The aim of the present study is to investigate the diagnostic and prognostic relevance of expressions of pS9GSK-3β, β-catenin and its target genes in the pathobiology of bladder cancer.

Research methods

Cellular localization and the expression of pS9GSK-3β proteins were examined by immunohistochemical (IHC) staining in ninety tumor tissues resected from patients diagnosed with bladder cancer. Real time-quantitative polymerase chain reaction and IHC were done to check the expression of β-catenin, Cyclin D1, Snail and Slug at transcriptome and protein level respectively. Expressions of the markers were statistically correlated with these variables to determine their significance in clinical setting.

Research results

Aberrant (low or no membranous/high nuclear/high cytoplasmic) expression of pS9GSK-3β was noted in 51% patients and found to be significantly associated with tumor stage and tumor grade. Thirty one percent tumors exhibited aberrant co-expression of pS9GSK-3β and β–catenin proteins and showed strong statistical association with tumor stage (P = 0.01), tumor type (P = 0.02), smoking/tobacco chewing status (0.04) and shorter overall survival probabilities of patients (P = 0.02).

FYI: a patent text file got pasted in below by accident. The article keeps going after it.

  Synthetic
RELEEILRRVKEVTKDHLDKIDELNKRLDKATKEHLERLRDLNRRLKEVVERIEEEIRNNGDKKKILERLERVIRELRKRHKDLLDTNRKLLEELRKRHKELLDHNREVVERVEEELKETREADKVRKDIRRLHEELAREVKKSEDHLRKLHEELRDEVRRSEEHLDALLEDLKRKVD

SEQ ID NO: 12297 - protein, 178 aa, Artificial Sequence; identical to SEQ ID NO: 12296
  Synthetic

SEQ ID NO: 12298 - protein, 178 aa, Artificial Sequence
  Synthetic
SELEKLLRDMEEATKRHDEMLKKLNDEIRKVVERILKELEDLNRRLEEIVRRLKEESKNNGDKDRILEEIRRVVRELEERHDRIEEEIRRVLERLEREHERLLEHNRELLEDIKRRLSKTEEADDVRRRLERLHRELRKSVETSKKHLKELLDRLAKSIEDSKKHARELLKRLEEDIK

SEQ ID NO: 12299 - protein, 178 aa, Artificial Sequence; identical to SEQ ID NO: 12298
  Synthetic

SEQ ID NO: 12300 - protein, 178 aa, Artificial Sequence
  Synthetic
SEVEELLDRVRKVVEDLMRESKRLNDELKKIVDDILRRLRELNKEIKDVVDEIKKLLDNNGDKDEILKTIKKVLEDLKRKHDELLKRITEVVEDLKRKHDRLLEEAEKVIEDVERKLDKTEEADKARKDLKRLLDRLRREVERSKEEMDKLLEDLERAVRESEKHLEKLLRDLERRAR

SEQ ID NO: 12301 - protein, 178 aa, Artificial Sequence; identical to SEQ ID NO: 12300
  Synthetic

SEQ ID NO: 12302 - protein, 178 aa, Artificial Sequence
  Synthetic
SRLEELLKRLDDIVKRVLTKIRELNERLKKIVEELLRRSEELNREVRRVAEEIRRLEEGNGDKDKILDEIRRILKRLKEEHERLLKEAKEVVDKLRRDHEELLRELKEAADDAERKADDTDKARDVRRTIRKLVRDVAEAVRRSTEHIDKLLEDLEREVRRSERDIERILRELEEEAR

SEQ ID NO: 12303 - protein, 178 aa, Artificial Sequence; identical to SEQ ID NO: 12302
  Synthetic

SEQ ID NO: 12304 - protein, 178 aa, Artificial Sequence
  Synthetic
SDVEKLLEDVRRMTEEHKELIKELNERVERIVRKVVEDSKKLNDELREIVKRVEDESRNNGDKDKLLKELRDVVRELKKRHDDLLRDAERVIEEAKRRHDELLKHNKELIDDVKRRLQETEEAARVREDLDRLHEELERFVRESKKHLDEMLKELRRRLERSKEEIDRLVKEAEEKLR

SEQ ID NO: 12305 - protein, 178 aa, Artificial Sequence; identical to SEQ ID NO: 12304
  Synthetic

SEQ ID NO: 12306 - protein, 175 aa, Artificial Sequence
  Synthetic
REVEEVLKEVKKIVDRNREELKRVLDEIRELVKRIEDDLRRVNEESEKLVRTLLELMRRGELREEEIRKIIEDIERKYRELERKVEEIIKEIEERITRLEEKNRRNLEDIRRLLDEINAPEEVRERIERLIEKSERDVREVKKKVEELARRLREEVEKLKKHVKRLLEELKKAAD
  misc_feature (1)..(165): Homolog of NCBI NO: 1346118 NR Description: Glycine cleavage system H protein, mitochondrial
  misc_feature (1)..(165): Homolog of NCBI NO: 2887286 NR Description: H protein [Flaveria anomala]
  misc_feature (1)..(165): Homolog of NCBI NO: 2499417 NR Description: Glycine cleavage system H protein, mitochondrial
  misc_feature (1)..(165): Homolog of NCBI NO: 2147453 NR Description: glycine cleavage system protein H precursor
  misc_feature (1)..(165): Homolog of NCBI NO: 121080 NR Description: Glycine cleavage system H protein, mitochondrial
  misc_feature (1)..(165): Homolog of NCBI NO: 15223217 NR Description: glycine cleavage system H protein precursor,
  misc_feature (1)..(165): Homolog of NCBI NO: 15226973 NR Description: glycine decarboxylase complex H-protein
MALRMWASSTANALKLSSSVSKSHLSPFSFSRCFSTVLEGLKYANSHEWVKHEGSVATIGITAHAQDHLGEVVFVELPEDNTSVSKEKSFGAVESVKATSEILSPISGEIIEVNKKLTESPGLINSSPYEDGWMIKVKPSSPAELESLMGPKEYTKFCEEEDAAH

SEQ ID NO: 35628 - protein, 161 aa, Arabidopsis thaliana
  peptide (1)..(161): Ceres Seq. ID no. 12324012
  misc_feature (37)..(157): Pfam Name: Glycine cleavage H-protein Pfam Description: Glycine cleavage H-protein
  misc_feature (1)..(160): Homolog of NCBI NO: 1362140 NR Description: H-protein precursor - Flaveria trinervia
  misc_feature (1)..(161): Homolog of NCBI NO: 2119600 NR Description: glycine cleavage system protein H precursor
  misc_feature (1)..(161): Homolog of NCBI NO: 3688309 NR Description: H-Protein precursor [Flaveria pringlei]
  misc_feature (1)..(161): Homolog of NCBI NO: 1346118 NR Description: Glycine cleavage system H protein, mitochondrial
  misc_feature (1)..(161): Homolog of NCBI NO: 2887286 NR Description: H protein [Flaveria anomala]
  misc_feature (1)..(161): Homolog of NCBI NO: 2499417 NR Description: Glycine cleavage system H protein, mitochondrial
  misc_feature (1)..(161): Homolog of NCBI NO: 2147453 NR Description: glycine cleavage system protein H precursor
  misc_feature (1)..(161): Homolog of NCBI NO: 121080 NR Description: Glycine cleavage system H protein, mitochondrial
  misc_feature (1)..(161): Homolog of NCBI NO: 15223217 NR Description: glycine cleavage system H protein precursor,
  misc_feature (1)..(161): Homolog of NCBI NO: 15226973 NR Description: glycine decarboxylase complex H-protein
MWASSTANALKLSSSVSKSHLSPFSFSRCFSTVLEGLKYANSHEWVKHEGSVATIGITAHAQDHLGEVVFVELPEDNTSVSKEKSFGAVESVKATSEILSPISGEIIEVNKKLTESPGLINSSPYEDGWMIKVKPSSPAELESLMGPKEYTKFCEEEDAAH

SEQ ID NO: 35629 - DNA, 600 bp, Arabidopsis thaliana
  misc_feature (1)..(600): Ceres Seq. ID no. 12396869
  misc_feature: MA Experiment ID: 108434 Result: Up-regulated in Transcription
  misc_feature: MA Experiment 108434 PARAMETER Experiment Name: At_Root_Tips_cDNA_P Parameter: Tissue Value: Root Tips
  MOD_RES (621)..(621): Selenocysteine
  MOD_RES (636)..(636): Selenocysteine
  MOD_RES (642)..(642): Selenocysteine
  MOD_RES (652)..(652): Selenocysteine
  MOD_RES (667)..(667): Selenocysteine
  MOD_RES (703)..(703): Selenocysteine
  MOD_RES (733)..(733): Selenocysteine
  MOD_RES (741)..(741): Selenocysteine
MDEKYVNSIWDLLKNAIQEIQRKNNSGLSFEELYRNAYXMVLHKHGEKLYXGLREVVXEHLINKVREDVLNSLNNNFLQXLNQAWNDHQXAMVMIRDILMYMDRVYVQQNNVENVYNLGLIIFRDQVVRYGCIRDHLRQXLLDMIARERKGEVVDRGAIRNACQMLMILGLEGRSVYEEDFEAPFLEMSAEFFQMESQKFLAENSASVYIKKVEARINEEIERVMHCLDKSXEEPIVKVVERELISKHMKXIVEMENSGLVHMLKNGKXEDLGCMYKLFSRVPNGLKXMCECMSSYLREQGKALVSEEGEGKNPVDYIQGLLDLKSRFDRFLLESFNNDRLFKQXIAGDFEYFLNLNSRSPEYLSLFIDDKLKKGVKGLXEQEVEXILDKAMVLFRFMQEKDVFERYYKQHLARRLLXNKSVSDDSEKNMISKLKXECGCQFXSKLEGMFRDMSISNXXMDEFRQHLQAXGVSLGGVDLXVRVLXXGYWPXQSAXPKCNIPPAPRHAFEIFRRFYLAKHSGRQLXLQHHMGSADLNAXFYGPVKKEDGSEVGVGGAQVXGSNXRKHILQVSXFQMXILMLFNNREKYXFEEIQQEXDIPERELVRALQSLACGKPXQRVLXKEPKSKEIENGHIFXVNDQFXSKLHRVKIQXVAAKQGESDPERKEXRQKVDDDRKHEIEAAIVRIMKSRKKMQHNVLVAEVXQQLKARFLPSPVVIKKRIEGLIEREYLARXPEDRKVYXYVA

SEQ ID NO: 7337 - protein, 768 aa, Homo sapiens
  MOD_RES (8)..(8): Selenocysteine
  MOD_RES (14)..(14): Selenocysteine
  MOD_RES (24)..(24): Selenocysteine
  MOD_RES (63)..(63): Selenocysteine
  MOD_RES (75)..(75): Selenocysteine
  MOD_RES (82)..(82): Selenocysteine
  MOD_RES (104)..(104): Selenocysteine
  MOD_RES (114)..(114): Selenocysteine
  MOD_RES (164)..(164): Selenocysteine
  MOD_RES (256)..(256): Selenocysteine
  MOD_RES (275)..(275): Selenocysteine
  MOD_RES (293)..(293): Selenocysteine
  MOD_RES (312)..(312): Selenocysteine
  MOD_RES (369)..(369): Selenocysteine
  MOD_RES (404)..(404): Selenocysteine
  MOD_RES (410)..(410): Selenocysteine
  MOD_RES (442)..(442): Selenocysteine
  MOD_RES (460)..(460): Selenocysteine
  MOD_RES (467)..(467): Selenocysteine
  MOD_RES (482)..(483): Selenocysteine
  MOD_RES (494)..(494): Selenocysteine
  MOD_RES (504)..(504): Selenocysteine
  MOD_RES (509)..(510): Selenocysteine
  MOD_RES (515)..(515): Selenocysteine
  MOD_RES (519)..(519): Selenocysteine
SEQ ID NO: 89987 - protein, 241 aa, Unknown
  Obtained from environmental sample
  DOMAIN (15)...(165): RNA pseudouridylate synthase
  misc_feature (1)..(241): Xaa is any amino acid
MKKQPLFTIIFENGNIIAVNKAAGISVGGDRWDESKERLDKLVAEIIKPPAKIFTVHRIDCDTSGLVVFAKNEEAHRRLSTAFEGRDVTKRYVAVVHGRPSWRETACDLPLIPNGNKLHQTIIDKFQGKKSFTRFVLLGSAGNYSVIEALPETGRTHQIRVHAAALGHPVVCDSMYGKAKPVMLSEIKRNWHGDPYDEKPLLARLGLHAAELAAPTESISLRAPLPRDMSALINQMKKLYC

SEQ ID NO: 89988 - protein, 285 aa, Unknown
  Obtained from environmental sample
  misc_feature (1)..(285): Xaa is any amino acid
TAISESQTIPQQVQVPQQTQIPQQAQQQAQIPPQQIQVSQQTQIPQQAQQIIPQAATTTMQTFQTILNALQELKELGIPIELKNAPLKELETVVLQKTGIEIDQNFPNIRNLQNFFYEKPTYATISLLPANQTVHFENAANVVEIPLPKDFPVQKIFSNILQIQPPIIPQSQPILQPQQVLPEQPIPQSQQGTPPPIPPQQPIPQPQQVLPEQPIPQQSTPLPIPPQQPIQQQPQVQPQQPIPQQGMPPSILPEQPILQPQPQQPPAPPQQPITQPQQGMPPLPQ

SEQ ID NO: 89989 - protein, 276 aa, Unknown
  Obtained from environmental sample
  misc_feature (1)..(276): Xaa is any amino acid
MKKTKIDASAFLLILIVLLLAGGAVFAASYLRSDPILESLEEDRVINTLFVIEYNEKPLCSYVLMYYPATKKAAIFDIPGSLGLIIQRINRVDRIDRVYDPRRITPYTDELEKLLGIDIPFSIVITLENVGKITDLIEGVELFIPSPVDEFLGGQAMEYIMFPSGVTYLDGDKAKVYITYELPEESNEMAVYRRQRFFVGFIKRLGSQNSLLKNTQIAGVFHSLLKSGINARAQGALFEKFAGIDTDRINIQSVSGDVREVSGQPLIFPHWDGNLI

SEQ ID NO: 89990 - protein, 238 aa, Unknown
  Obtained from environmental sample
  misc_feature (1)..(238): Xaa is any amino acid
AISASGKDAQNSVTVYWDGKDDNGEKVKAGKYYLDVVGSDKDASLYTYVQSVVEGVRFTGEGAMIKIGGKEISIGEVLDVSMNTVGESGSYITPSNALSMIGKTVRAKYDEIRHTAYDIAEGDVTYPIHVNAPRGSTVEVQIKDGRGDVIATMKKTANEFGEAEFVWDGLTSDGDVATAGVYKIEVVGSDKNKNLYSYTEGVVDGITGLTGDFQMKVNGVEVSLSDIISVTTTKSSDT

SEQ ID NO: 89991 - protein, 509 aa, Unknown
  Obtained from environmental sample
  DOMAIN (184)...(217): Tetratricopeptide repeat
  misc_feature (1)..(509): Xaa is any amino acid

Research conclusions

Findings of the present study strongly support the involvement of pS9GSK-3β in urothelial tumorigenesis by stabilizing β-catenin. Statistical association of aberrantly co-expressed pS9GSK-3β and β–catenin proteins with patients’ variables validates them as potential markers of clinical relevance in the pathobiology of bladder cancer.

Research perspectives

Results based on the association/correlation studies between the expression levels of marker proteins and clinicohistopathological variables indicate that aberrantly expressed pS9GSK-3β participates in neoplastic transformation by stabilizing β-catenin during urothelial tumorigenesis and could be considered as potential prognostic marker.

ACKNOWLEDGEMENTS

Authors, Niharika Maurya and Rinni Singh are thankful to University grant commission (UGC), Govt. of India for providing research fellowship.

Footnotes

Manuscript source: Invited manuscript

Specialty type: Oncology

Country of origin: India

Peer-review report classification

Grade A (Excellent): 0

Grade B (Very good): B

Grade C (Good): C, C

Grade D (Fair): 0

Grade E (Poor): 0

P-Reviewer: Kupeli S, Morelli F, Su CC S-Editor: Ji FF L-Editor: A E-Editor: Wu YXJ